Monday, October 7, 2013

Infant Baptism, Objection Answered, 11

11. The final objection I wish to consider is this. Our opponents say, “If baptism takes the place of circumcision, and if the church is the same in substance now as it was when circumcision was its initiating zeal, then why isn’t baptism as universal in the New Testament church is circumcision was in the Old Testament church? Why isn’t every child under the light of the gospel baptized as every Israelite child was circumcised?”

All I can say in response to this objection is that this undoubtedly should be the case. All parents wherever the gospel prospers ought to be true believers, and therefore ought to be true members of the church of Christ themselves. Hence, they ought to dedicate their children to God in baptism. God’s command requires it, and if the parents were what they ought to be they would be only too happy and prepared to do what they should.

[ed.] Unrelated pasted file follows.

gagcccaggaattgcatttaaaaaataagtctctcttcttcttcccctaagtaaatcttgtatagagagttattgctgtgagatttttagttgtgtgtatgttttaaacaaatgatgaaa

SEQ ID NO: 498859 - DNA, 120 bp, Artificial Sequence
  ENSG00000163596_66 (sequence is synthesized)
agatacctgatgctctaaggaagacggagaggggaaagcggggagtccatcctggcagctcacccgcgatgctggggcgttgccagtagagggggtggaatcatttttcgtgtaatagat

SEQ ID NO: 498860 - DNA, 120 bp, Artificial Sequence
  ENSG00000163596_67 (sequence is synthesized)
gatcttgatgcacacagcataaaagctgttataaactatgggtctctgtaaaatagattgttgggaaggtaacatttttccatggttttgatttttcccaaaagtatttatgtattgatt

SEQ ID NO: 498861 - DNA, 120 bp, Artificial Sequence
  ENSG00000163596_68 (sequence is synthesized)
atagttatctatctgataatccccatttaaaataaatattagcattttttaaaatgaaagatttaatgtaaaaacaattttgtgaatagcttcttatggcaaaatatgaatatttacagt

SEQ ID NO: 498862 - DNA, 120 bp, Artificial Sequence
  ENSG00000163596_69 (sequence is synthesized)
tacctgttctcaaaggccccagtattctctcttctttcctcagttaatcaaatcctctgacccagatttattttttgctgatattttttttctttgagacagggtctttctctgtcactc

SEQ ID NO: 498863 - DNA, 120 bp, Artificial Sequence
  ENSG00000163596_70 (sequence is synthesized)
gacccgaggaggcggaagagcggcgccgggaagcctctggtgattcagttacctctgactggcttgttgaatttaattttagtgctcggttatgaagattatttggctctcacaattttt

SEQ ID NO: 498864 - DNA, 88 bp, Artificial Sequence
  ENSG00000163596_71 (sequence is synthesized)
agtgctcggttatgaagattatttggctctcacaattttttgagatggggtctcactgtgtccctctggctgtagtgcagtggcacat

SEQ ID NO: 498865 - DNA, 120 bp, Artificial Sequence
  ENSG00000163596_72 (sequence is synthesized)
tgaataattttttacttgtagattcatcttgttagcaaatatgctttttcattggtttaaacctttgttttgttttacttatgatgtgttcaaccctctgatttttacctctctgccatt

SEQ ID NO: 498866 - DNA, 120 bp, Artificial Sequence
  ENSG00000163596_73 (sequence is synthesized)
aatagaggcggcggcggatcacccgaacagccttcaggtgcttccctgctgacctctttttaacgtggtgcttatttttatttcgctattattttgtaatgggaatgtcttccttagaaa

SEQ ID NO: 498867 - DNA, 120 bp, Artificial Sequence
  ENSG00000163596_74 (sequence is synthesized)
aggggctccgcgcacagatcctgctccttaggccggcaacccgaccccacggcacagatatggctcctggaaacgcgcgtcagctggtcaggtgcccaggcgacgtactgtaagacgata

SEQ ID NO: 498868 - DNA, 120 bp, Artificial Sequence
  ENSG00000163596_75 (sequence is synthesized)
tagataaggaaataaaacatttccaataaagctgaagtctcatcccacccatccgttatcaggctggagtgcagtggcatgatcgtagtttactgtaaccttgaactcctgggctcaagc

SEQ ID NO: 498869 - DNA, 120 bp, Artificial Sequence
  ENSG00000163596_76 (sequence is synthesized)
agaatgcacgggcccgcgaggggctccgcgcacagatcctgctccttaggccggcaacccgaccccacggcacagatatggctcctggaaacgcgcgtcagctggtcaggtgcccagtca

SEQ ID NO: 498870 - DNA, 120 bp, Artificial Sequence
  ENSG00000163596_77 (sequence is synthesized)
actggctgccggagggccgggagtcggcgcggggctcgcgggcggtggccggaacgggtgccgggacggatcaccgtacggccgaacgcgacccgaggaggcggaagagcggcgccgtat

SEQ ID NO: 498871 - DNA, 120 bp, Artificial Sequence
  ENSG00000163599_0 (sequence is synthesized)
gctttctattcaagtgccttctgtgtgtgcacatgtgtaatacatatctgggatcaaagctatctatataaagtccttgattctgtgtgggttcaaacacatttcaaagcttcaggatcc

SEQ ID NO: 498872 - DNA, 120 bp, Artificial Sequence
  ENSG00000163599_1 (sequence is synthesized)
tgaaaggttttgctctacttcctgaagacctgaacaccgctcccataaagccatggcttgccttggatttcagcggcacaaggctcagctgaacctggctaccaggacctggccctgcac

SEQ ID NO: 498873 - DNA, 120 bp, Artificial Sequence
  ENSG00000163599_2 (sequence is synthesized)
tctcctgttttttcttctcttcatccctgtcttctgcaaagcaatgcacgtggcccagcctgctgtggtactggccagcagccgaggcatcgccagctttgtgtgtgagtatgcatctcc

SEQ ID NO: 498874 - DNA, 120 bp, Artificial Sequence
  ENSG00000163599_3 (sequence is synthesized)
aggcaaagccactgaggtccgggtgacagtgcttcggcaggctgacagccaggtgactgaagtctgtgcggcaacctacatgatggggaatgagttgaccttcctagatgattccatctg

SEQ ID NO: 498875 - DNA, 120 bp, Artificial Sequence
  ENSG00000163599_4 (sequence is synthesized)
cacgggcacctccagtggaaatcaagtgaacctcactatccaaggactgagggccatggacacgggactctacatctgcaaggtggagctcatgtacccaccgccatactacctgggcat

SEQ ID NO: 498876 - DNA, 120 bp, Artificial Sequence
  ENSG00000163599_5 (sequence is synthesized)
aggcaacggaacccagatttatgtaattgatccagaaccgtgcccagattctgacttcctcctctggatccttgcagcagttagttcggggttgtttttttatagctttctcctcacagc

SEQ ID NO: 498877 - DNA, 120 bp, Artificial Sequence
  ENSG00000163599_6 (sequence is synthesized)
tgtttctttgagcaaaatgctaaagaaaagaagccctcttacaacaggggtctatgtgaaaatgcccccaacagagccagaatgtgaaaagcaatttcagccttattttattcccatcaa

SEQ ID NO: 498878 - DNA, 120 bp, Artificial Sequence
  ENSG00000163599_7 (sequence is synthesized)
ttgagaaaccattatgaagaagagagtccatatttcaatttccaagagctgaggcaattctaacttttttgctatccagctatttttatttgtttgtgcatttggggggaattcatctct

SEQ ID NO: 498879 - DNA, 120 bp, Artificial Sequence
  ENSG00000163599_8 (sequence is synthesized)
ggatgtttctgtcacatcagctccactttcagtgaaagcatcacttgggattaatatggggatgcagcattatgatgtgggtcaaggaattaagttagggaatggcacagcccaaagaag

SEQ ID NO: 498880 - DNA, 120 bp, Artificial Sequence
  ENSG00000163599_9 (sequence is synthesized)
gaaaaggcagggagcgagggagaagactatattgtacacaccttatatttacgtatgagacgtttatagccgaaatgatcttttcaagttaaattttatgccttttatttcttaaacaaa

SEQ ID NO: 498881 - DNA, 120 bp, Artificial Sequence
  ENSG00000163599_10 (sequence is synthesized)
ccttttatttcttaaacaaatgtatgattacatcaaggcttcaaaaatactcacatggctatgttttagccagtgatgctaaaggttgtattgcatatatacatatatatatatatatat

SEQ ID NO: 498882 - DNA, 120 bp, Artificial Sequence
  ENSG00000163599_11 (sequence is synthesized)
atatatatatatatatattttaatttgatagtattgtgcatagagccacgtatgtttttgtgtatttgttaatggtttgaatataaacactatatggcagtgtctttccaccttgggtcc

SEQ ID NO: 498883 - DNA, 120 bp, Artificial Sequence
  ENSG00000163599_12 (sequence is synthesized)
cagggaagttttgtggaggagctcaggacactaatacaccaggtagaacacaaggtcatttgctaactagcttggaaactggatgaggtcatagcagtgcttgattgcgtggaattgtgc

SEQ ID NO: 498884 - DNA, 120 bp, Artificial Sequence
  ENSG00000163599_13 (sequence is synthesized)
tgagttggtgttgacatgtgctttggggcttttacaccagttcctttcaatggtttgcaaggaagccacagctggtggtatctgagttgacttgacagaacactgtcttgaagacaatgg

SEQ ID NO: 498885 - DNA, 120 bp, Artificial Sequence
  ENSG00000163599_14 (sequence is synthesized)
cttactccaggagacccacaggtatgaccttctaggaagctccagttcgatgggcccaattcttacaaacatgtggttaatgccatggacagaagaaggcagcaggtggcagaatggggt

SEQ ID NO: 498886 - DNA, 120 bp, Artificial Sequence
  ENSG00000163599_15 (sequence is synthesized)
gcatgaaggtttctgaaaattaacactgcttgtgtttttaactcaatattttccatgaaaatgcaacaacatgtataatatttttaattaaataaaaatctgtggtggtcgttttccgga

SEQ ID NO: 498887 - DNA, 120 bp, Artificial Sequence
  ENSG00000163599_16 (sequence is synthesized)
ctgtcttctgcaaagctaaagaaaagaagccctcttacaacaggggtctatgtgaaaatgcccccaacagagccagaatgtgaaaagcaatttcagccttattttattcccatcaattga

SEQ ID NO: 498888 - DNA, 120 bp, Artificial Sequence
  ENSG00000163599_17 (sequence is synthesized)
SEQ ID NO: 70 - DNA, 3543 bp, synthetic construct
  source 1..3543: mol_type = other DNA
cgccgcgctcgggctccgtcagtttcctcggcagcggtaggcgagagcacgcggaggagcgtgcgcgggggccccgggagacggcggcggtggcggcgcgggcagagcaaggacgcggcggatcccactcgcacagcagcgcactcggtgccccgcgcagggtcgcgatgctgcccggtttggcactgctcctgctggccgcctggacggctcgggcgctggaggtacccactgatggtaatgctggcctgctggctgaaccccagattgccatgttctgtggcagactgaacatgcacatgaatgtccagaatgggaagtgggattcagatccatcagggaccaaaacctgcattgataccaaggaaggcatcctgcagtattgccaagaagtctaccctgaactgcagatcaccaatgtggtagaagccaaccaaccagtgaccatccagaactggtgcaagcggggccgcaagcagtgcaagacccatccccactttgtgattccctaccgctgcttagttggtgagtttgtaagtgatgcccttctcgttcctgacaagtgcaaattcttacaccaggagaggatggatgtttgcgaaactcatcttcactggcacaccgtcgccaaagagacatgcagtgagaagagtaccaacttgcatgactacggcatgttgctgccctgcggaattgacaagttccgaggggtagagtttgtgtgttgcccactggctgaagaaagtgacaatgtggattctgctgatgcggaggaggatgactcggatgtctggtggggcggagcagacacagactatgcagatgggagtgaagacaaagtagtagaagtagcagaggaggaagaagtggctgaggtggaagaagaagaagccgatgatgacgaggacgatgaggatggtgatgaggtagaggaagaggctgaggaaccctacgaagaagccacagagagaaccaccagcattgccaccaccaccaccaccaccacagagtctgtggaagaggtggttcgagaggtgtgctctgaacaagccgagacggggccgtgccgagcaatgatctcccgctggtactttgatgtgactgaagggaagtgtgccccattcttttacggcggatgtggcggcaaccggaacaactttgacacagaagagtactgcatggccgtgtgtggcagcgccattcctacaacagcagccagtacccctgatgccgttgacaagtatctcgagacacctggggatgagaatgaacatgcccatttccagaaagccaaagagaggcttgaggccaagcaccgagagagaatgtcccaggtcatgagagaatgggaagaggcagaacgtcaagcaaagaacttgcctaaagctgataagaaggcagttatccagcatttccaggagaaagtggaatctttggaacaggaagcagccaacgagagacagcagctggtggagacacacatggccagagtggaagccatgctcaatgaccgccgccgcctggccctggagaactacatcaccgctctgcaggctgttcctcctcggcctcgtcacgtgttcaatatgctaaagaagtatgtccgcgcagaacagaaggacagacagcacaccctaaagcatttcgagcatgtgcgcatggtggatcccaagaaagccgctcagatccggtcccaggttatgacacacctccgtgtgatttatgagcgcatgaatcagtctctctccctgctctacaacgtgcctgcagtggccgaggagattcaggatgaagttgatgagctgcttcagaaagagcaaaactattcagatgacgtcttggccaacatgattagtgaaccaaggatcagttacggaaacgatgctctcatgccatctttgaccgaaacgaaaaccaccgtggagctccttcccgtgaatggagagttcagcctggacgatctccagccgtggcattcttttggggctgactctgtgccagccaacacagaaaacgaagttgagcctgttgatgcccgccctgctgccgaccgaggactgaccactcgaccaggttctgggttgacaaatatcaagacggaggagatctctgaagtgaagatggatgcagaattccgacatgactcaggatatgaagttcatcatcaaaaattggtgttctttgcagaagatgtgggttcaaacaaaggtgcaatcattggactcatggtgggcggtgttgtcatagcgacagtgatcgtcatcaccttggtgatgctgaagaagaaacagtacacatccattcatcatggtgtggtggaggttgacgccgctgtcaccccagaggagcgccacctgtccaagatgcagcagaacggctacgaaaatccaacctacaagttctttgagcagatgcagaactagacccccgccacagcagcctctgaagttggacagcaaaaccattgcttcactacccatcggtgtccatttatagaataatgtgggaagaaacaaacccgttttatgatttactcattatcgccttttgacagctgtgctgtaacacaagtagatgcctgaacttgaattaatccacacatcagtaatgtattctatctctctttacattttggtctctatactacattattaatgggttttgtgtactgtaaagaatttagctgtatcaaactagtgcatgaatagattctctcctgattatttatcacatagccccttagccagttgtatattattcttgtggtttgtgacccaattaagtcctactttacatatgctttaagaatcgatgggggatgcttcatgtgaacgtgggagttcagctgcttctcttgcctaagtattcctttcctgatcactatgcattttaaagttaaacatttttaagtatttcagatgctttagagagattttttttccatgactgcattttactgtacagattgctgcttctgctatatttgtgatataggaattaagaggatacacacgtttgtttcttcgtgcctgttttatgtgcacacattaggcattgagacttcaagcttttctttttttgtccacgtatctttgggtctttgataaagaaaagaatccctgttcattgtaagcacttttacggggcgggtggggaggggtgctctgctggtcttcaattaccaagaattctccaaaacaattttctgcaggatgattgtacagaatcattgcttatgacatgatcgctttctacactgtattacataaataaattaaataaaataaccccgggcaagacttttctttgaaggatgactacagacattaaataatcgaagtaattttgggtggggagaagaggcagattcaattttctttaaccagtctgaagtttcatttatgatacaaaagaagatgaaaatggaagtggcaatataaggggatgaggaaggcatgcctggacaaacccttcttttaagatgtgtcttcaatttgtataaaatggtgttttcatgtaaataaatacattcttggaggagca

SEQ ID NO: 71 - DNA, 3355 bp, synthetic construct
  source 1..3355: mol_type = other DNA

Under the Old Testament administration of the covenant of grace, all those who belonged to the covenant people were obliged to be holy. This was signified, first and foremost by submission to the rite of circumcision. Anyone who refused was to be cut off from their people. The obligation was universal and the penalty was universal. There is no doubt that many parents who presented their children to God in the sacrament of circumcision, did so without true faith; yet they attended to all the requirements of ceremonial cleanness and this rendered the circumcision authorized and regular, i.e., valid. The same is true in the New Testament church. Like Old Testament Israel, the Church is a body called out from the rest of mankind. Within this spiritual community baptism ought to be as universal as circumcision was in Israel. Parents who profess faith in Christ, in obedience to Him, ought to present their children in baptism. There is, no doubt, reason to fear that many adult members may present their children to God in the sacrament of baptism without true faith. But just like in the case of the Jewish parent who lacked true faith, because the parents attend to all the external requirements of church membership, their children’s baptism is to be considered authorized and regular, i.e., valid.

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